What it Takes to Become a Nurse Practitioner

Joe Weinlick
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The role of a nurse practitioner (NP) varies by state, specialty, and facility. Many nurse practitioners are directly responsible for patient care. In office settings, an NP might see patients in a similar capacity as a physician, although the NP usually works as part of a physician-led healthcare team. The journey to become a nurse practitioner includes years of education and hands-on training.


Individuals embarking on a nurse practitioner career must begin with a certified four-year nursing degree program. Such programs provide the necessary education and training to pass licensure tests that are required to become a registered nurse (RN). In some cases, nurse practitioners have to keep current RN licensure as a prerequisite for NP licensure. Even if RN licensure isn't required, it may be beneficial to obtain the credential. Nurse practitioners have several years of school left after completing their four-year degree, and the ability to take part-time nursing work can help pay the way.


After graduating from a four-year program, nurse practitioner candidates must get a master's degree. This could take two to four years to complete, depending on your program selection and if you attend fulltime. Both four-year and master's degree programs include classroom, lab, and hands-on healthcare education opportunities.


To work as a nurse practitioner in any state, you must pass licensure requirements for that state. Getting a license usually involves completing an application, paying a licensing fee, providing documentation of prerequisites, and passing one or more exams. The American Nurses Association publishes information about various licensing requirements, and you can visit government health and nurse-related sites for the state where you plan to work. Exam fees can range from $100 to $500, and licensure fees range from $30 to $80. It's important to have clear goals about where you want to work, because not all licenses transfer across state lines. You may have to relicense if you move out of state.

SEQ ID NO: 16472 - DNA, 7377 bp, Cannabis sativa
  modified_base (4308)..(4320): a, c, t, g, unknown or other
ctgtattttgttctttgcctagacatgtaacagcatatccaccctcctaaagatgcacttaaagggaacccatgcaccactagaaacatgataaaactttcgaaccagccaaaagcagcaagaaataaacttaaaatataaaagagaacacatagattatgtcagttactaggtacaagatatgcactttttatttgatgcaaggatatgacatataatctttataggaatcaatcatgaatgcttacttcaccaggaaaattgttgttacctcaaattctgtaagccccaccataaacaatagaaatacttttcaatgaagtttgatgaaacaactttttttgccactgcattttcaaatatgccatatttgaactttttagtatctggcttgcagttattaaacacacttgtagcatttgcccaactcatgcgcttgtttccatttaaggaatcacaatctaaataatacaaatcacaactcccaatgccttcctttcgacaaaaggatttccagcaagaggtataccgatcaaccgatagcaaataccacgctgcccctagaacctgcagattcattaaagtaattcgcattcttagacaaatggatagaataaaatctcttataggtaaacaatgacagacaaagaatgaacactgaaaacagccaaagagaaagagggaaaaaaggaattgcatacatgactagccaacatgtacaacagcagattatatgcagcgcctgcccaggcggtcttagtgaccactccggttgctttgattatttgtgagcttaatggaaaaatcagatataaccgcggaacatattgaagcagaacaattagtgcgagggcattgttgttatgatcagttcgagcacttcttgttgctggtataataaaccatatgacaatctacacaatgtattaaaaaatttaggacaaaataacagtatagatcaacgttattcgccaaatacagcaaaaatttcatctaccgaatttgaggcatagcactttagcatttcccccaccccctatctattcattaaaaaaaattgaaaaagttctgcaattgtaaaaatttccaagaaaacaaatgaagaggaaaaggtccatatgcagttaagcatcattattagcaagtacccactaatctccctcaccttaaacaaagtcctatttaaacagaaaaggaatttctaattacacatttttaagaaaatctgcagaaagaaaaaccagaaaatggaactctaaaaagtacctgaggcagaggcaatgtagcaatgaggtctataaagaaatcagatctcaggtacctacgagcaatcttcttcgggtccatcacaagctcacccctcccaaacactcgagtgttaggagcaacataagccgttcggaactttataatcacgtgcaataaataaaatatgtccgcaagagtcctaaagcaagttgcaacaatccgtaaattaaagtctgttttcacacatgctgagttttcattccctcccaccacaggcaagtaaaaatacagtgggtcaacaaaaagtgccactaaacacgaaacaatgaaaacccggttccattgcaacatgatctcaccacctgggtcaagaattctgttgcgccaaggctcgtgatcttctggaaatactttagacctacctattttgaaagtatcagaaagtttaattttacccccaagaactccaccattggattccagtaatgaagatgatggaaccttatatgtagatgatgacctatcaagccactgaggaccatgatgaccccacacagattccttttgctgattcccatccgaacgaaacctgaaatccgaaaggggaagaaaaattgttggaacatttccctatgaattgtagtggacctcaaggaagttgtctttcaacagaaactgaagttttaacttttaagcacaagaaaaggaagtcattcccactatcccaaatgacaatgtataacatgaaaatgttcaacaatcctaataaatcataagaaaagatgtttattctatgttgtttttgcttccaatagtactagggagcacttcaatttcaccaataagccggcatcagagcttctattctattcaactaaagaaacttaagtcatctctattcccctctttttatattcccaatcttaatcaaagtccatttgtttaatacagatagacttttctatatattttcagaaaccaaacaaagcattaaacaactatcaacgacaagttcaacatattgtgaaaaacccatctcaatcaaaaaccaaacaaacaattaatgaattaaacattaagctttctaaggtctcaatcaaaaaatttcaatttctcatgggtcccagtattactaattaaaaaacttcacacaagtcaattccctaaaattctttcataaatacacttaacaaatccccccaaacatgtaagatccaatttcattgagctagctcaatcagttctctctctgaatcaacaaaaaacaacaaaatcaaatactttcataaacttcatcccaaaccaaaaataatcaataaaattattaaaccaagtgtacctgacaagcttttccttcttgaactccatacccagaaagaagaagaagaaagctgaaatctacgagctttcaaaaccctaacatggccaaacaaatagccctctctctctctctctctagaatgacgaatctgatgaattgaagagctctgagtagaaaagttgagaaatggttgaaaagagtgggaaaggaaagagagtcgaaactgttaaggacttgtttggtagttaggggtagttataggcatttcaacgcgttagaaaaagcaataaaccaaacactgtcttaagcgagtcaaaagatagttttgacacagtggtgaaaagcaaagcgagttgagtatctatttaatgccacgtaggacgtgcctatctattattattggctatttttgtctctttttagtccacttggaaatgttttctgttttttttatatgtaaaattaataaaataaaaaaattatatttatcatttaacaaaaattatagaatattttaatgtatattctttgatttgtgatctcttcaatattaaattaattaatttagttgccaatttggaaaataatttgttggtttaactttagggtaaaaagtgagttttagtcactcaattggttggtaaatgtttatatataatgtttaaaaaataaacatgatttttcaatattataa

Once you fulfill all requirements and obtain an NP degree and license, the only thing left to do is find employment. According to the Association of American Medical Colleges, there is a growing shortage of doctors in the United States. Some job experts believe a physician shortage will open the field for nurse practitioners, who can offer similar services to patients. Studies have shown that patients are also more open to treatment by nurse practitioners, especially if the alternative is a long wait to see a physician. Such facts aren't a job promise, but the growing healthcare need in the nation does mean qualified nurse practitioners should be able to find work almost anywhere.


A career as a nurse practitioner requires years of preparation and hard work. If you want to be involved in direct patient care within a field that offers job security and competitive salaries, it's probably worth all the effort to become a nurse practitioner.


(Photo courtesy of stockimages / freedigitalphotos.net)


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  • Melissa Kennedy
    Melissa Kennedy
    @judy - thanks for the comment. I'm sorry that you're having so many problems getting things transferred over. You have so much experience to share with new NP's, I hope that you'll seek out mentorship opportunities.
  • Judy W
    Judy W
    I am a 1991 graduate. I have 20 yrs. of clinical experience. It was a certificate program and I do not have a Masters degree. Therefore I can only practice in the state of CA where I was "grandfathered in." I now reside in MI but the only license I could transfer is my R.N. license. I believe I could be a an outstanding mentor for N.Ps. just entering practice. I have researched many options but I've been told repeatedly I would have to repeat an N.P. curriculum to obtain a Masters degree. I am not willing to do that and ultimately it is patients who are being short-changed regarding the expertise of seasoned N.Ps.

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